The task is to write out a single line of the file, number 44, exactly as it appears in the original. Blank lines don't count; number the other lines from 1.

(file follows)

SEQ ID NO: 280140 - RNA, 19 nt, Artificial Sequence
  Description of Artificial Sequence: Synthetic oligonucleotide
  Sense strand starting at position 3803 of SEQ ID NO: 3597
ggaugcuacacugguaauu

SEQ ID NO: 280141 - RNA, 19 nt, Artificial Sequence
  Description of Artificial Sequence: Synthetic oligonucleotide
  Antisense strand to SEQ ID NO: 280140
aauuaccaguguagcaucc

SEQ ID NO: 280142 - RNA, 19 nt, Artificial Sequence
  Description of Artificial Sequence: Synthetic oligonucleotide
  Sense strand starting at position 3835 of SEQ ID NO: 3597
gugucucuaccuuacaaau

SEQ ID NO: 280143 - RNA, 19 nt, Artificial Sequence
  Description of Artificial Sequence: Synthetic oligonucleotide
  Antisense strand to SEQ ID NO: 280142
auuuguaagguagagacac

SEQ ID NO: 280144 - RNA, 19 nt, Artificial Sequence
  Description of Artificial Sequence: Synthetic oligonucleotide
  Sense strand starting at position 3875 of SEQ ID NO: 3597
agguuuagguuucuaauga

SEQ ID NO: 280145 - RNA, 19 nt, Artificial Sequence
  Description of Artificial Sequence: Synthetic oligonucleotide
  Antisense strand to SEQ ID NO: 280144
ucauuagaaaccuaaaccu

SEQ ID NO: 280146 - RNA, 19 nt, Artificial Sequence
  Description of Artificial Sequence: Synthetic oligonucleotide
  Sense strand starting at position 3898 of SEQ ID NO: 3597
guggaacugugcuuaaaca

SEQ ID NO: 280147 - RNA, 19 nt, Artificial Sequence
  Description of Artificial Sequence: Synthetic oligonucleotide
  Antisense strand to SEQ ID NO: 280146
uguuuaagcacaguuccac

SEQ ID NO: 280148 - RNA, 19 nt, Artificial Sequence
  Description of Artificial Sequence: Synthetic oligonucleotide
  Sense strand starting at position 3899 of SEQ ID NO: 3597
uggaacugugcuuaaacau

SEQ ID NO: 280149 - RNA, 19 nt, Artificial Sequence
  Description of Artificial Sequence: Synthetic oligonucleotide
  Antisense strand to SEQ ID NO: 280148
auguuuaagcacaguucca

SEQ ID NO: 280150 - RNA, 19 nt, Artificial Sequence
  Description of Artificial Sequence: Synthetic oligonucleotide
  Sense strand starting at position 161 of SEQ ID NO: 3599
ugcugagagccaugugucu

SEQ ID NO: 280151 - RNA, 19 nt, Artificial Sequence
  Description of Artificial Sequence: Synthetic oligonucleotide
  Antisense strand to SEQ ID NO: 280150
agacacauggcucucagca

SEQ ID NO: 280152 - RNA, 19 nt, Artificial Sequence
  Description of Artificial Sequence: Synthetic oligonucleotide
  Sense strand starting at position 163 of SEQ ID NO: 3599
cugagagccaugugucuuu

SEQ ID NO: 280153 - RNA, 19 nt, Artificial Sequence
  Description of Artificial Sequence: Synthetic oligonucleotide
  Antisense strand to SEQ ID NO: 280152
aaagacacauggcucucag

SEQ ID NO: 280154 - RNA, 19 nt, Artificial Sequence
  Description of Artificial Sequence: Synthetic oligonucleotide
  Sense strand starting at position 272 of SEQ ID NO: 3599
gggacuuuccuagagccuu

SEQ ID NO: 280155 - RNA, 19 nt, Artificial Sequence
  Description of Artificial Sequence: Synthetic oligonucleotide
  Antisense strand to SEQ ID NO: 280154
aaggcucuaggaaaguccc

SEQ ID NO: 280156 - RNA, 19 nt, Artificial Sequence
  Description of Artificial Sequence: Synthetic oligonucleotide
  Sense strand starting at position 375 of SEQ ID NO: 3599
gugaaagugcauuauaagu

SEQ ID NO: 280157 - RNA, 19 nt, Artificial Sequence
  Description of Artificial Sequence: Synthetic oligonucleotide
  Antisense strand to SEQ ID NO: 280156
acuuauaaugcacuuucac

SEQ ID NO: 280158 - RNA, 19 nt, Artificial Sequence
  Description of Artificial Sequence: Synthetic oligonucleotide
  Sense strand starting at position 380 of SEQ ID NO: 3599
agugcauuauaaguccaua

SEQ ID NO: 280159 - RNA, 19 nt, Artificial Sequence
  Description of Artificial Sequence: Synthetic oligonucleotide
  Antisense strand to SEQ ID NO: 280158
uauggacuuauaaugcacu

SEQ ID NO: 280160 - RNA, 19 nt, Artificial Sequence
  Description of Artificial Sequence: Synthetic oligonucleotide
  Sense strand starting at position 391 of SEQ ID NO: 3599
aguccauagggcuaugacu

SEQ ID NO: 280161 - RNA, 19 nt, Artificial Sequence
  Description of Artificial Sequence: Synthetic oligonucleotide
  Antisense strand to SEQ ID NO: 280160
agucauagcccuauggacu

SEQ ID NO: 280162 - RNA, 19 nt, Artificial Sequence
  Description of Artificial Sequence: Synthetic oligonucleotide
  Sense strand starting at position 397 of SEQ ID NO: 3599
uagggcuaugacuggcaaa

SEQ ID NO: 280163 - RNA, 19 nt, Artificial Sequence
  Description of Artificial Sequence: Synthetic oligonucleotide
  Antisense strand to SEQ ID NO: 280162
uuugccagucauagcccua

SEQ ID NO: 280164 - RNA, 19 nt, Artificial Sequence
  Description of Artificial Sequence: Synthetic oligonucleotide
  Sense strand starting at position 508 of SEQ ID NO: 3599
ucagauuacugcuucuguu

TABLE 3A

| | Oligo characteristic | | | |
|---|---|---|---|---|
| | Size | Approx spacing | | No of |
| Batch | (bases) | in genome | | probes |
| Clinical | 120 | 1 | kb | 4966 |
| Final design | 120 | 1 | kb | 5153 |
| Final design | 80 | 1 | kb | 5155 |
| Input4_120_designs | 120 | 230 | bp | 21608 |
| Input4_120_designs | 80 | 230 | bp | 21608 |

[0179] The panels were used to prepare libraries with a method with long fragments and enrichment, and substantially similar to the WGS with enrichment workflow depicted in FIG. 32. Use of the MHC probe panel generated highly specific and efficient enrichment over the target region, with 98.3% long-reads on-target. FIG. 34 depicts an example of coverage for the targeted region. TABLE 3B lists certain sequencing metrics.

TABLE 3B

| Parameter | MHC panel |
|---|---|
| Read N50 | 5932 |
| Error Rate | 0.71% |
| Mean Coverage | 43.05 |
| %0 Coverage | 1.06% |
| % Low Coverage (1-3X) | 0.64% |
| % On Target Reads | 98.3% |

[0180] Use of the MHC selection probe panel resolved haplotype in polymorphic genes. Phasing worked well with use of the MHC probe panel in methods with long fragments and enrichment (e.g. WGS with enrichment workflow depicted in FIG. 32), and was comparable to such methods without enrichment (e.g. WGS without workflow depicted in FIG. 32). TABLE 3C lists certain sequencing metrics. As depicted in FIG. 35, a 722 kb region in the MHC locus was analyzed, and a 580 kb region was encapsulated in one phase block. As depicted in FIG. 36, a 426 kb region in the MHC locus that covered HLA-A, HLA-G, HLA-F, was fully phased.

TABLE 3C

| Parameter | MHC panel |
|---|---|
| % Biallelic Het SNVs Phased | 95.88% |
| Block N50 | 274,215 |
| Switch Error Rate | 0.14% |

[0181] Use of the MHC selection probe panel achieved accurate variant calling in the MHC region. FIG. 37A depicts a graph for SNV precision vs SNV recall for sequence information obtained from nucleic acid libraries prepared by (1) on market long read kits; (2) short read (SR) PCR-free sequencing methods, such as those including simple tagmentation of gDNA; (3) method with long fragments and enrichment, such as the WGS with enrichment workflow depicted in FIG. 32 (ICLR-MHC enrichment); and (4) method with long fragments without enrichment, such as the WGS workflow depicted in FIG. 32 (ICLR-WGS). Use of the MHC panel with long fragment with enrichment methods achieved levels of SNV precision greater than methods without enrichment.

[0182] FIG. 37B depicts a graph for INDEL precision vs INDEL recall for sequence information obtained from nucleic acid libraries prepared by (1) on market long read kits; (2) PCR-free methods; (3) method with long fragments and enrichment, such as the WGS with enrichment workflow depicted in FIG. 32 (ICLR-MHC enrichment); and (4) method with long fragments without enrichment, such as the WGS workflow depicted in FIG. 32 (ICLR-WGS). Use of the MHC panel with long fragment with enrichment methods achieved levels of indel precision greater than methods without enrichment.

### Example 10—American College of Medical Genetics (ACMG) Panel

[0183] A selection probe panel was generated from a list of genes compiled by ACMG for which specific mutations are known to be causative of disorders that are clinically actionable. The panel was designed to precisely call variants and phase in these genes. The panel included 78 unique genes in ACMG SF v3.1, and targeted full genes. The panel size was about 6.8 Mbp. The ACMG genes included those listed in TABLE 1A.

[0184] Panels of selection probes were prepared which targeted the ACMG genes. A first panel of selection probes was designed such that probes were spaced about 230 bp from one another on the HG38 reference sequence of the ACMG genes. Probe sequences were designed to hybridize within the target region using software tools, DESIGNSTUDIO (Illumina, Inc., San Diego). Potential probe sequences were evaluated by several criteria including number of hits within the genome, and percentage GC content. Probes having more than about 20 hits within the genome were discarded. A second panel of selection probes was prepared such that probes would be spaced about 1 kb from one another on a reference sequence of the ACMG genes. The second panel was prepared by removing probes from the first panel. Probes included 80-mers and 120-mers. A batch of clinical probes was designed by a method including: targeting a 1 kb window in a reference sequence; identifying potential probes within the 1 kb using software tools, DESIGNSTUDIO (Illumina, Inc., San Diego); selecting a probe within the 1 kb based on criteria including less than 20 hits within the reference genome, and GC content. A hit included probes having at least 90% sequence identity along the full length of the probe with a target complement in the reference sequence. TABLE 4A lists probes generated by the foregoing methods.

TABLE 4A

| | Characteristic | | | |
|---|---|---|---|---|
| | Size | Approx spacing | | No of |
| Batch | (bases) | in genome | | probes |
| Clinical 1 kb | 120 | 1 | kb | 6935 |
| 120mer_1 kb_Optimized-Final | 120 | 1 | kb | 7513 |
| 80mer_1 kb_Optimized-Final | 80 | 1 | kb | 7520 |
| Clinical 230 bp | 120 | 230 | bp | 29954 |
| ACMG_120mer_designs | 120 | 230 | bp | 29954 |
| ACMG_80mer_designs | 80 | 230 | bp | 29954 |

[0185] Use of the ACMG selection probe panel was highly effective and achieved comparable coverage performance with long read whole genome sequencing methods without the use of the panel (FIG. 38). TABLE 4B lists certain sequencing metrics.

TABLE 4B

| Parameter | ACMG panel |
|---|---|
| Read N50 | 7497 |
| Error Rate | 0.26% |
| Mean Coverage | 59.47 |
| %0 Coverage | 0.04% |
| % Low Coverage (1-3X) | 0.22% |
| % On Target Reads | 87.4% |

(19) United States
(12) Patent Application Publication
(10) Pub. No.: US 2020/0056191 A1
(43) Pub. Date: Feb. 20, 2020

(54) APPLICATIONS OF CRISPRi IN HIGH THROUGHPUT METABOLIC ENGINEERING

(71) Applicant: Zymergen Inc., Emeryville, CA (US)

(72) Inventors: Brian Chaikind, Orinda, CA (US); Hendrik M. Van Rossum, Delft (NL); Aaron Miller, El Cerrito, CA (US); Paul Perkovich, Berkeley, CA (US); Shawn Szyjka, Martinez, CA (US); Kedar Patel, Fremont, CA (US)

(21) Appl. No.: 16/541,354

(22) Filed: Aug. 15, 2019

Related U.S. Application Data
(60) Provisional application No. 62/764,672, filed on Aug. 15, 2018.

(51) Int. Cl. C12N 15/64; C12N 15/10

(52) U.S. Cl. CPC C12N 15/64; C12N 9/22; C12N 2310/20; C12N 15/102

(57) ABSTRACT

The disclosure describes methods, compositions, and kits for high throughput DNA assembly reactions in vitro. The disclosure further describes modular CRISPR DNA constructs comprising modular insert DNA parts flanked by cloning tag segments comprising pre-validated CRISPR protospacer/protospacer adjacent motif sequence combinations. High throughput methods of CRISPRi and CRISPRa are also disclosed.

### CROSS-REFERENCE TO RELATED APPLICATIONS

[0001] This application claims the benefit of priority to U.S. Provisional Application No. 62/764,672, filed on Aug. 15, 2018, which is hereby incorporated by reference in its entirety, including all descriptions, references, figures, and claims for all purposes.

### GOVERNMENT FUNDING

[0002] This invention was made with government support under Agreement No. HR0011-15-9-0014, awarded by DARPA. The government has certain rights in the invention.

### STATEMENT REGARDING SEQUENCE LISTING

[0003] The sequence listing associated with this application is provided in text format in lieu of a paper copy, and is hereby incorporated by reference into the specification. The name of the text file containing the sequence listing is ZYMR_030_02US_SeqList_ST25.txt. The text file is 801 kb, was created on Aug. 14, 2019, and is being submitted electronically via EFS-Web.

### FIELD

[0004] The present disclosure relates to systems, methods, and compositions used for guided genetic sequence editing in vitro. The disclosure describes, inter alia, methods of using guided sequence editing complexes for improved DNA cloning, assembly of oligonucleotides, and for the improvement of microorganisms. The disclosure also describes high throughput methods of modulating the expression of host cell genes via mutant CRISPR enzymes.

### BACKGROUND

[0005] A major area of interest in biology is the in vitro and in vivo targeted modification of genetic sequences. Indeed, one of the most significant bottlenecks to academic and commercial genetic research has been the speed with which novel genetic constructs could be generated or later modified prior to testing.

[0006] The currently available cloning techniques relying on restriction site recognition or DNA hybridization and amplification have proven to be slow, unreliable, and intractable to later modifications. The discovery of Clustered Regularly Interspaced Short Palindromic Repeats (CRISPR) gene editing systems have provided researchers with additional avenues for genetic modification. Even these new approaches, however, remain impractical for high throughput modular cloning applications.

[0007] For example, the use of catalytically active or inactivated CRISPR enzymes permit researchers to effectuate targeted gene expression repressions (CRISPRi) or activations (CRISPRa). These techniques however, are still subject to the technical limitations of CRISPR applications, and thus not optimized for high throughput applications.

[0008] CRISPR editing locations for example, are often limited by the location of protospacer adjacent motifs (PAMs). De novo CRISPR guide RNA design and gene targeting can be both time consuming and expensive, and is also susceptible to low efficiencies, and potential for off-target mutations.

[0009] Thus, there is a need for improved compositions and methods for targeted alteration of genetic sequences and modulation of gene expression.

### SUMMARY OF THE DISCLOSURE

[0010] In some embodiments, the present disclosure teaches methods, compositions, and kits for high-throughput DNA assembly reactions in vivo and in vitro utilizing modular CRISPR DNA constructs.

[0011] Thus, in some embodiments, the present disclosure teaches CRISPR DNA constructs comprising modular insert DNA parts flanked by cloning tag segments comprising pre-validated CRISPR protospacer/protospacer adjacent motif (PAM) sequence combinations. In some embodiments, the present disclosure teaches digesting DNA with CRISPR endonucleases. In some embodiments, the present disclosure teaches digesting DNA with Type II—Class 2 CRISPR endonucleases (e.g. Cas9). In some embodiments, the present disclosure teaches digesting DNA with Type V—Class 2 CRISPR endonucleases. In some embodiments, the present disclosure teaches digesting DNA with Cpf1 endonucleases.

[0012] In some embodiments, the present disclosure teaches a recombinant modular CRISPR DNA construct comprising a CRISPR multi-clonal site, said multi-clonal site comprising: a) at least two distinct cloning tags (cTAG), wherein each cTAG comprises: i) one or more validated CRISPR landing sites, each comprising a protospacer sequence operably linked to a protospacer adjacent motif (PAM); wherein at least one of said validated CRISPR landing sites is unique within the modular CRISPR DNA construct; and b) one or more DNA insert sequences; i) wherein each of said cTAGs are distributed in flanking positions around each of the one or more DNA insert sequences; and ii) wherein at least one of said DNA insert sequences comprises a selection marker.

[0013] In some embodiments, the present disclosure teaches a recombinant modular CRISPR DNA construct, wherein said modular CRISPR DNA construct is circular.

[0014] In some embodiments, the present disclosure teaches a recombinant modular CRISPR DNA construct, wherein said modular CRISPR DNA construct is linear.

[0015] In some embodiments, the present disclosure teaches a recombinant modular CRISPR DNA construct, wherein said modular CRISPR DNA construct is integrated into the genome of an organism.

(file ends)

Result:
ugcugagagccaugugucu